What was in the Spring Budget 2024?

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Chancellor, Jeremy Hunt, released his Spring Budget on 6 March 2024 promising ‘more jobs, more investment and lower taxes.’

The statement regarded the key targets of reducing inflation, encouraging business and supporting families, with an eye on the general election due to take place later this year.

The Office for Budgetary Responsibility estimates the economy will grow by 0.8% in 2024, potentially rising to 1.8% in 2025. Whilst this seems positive, some are concerned that prioritising tax cuts will put further strain on government departments, public spending and the NHS.

Read our summary of the headline changes in the Spring Budget below…

National Insurance

From 6 April 2024, the main rate of Class 1 employee National Insurance Contributions (NICs) will be cut from 10% to 8% for workers earning from £12,571 to £50,270, meaning less will be deducted from wages.

For the self-employed, Class 4 NICs on earning from £12,571 to £50,270 will now fall to 6%, having already been due a cut from 9% to 8% as per the Autumn Statement 2023.

Child Benefit

Currently, parents claiming Child Benefit must repay some of the money received if either earns more than £50,000, and the entire amount, if either earns over £60,000.

From April, the income threshold for partial repayment will rise from £50,000 to £60,000, and the threshold for full repayment will rise from £60,000 to £80,000.

As well as this, from April 2026 (in theory) Child Benefit charge will be determined by household income, rather than by the income of the individual parents.

Child Benefit is currently worth £24 a week for one child and £15.90 for each additional child. The changes announced will now mean the amounts rise to £25.60 and (additionally) £16.95 a week.


From 1 April 2024, the VAT registration threshold will increase from £85,000 to £90,000.

The level at which businesses can apply for VAT de-registration will increase from £83,000 to £88,000.

Property tax

Capital Gains Tax is payable on profits made when selling a second or buy-to-let home.

Basic rate taxpayers currently pay 18% on their gains and higher (and additional rate) taxpayers pay 28%.

From 6 April 2024, the budget announces that the higher rate will fall from 28% to 24%.

This change has been designed to encourage second homeowners and landlords to sell properties, therefore making more available for buyers.

Stamp duty relief has been abolished for those buying more than one dwelling at a time.

Furnished holiday lets

Currently, second homeowners who rent their properties as furnished holiday lets can benefit from a number of tax advantages, such as claiming capital allowances on items including furniture and white goods. In addition to this, profits from furnished holiday lets are classed as relevant earnings for pension purposes.

These rules have meant that it is often more profitable for owners of second homes to provide holiday lets over renting to long-term tenants.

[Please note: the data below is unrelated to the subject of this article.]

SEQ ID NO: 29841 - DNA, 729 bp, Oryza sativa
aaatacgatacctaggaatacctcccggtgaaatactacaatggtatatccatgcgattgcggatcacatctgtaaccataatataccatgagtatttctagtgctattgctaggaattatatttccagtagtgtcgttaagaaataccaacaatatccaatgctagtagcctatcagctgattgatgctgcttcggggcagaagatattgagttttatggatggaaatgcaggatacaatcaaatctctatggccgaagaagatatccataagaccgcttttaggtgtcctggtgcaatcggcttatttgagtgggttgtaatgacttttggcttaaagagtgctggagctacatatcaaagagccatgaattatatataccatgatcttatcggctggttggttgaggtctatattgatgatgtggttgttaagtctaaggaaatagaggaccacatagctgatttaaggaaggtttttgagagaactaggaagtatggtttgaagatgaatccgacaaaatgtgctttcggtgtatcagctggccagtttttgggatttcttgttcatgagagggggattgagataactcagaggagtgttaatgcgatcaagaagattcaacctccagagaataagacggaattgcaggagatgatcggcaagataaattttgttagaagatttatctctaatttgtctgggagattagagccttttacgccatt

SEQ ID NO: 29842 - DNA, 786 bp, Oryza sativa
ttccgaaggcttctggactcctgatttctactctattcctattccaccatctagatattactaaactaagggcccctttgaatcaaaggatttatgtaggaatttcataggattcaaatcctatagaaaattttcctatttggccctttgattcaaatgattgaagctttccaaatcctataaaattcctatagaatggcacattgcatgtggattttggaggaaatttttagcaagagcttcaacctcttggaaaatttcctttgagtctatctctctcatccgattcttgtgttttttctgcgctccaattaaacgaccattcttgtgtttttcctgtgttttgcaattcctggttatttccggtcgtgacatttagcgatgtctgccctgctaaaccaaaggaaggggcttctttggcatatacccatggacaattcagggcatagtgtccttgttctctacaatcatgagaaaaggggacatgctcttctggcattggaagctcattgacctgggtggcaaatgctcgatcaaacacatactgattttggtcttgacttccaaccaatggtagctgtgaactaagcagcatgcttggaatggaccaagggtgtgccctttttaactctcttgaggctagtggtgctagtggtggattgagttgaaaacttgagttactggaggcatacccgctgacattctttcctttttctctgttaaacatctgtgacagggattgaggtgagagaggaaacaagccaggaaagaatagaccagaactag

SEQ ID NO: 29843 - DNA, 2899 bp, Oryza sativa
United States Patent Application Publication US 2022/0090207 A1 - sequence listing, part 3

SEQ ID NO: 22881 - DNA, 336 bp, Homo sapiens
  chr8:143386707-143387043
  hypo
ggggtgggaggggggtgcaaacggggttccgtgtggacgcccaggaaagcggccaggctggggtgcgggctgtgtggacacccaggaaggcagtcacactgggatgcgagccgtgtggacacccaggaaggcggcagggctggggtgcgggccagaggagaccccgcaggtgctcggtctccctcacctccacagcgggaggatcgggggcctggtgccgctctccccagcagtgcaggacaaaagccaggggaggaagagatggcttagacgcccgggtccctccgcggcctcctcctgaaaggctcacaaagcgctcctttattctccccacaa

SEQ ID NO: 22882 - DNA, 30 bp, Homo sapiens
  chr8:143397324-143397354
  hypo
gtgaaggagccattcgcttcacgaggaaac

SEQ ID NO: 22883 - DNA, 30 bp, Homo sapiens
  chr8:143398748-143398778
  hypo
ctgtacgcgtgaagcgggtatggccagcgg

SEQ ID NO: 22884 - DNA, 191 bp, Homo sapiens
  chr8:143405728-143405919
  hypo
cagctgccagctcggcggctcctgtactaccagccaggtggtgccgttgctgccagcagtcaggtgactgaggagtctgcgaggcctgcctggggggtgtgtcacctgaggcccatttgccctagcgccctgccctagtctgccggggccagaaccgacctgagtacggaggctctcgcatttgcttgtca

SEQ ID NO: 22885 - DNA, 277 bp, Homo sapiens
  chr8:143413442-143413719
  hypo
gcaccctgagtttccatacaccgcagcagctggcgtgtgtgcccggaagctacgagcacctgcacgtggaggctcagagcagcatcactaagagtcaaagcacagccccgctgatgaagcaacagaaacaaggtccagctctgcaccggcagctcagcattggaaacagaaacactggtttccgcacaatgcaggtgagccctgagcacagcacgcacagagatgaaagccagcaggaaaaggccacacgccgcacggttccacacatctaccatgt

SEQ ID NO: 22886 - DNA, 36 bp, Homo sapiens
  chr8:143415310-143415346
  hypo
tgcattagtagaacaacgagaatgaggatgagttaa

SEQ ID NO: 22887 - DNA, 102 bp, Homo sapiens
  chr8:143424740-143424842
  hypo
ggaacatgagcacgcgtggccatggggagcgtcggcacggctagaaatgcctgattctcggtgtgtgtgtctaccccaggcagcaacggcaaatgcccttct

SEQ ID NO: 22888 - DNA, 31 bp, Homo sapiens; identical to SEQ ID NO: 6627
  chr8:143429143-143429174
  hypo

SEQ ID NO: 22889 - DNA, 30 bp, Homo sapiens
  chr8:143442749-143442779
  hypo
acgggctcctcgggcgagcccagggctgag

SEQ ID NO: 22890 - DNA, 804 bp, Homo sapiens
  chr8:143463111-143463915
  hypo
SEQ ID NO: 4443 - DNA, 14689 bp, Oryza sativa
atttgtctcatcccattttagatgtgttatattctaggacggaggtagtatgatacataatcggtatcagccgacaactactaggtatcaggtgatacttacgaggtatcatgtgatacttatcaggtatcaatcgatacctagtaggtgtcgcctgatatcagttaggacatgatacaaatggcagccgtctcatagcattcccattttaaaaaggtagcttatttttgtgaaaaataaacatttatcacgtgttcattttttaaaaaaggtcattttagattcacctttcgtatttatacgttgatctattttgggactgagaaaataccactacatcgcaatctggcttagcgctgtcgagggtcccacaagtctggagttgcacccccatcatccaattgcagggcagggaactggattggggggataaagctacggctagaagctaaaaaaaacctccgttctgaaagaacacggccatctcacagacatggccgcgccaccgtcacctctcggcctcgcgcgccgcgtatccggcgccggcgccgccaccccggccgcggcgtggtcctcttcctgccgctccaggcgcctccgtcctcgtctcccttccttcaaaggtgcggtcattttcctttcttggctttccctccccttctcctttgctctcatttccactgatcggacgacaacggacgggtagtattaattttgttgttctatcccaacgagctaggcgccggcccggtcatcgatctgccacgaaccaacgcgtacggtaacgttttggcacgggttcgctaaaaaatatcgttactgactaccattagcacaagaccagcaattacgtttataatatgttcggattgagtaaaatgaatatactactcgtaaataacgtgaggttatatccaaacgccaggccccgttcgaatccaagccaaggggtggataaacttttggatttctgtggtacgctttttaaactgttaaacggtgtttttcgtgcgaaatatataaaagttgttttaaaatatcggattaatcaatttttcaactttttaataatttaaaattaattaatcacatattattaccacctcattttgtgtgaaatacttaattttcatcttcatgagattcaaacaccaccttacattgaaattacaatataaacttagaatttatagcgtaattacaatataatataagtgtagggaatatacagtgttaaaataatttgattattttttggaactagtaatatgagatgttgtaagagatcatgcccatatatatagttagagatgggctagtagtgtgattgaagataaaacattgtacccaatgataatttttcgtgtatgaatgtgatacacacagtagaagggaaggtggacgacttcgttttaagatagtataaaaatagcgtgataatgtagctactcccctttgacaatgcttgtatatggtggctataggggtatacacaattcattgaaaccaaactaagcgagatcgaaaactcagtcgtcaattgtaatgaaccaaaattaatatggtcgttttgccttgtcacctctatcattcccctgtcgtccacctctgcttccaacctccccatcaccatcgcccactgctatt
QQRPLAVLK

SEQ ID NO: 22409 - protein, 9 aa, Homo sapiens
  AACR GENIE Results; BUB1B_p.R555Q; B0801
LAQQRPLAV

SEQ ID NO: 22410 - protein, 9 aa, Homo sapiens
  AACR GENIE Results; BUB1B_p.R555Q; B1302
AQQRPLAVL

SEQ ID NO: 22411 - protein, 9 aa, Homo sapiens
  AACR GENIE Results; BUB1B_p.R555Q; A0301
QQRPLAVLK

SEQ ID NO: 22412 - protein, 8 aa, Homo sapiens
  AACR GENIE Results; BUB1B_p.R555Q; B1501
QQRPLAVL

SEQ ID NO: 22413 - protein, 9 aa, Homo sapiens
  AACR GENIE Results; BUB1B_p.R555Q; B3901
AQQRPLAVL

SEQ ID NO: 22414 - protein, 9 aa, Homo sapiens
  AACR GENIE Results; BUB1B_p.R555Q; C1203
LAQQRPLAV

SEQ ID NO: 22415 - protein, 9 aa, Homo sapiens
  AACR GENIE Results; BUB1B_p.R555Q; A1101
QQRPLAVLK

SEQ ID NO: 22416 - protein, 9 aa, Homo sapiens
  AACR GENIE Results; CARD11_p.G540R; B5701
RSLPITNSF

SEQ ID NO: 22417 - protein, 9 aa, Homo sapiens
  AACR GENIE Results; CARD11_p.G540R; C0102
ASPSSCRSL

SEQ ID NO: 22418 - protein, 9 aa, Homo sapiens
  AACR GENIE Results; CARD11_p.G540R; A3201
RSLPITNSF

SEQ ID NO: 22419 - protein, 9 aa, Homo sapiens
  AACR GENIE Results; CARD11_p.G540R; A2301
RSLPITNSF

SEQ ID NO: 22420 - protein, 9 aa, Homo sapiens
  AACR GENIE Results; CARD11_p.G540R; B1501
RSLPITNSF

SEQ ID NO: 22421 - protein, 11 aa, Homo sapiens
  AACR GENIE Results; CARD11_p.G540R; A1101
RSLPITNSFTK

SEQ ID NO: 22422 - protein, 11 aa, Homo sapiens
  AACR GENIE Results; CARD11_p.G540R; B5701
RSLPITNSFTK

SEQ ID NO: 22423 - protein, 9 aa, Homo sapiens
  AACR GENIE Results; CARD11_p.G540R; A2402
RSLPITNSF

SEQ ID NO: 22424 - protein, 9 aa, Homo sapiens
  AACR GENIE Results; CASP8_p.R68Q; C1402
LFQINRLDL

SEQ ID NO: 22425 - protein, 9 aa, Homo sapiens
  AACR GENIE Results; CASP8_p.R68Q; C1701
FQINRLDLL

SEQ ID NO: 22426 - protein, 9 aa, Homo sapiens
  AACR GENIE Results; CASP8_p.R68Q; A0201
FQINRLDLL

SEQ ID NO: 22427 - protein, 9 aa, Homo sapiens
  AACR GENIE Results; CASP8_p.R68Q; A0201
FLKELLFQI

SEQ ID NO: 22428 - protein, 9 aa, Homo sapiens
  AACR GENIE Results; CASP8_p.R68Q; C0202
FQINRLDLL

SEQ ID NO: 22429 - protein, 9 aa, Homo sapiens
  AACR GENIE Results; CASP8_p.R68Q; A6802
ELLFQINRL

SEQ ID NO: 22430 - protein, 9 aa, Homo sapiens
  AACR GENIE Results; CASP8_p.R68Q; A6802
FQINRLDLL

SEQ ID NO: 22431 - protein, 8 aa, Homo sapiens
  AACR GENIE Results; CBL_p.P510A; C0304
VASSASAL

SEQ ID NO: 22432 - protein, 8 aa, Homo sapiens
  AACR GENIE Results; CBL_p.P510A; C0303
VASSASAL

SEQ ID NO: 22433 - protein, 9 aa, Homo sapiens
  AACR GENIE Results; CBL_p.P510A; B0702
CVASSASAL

From 6 April 2025, this regime will be abolished, so more properties are available to rent long-term.


Non-doms (non-UK domiciled individuals) are individuals whose permanent home, or domicile, is considered to be outside the UK. In the current system, they have to pay tax on the money they earn in the UK, but only on their foreign income that they remit to the UK.

From April 2025, non-dom status, will be abolished, meaning the those affected will not have to pay tax on money earned abroad for the first four years of residence in the UK, but beyond this period will have to pay income on all earnings (here and overseas).

Non-doms will be given a two-year transition period, where they will be encouraged to move their foreign wealth to the UK.


Alcohol duty was due to rise by 3% from August, but this will be frozen until February 2025.

From October 2026, a new tax on vaping products will be introduced. Tobacco duty will also increase by £2.00 per 100 cigarettes at the same time, so vaping which is still viewed as less harmful remains cheaper.

Fuel duty will be frozen at its current level for another year.

Social support

The repayment period for those on Universal Credit to pay back budgeting advance loans will rise from 12 to 24 months. These interest free loans are available if emergency funds are needed when the individual is claiming Universal Credit.

Debt relief orders are for people with low income and debts of less than £30,000, freezing their debt repayments and interest for twelve months and writing off their debts if their financial situation remains unchanged. This used to cost £90, but this fee has now been removed.

British ISA

A new British ISA will give investors an extra £5,000 of tax-free allowance.

This measure, alongside the existing £20,000 per person annual Isa allowance, is designed to stimulate investment in UK assets.

Need some guidance?

Whilst these are some of the key announcements, we encourage you to check out the full budget to explore the reforms above in more detail and stay abreast of other changes.

If you require any guidance as a result of any of the changes made in the Spring Budget, please get in touch with us. A member of our team will be happy to assist you…

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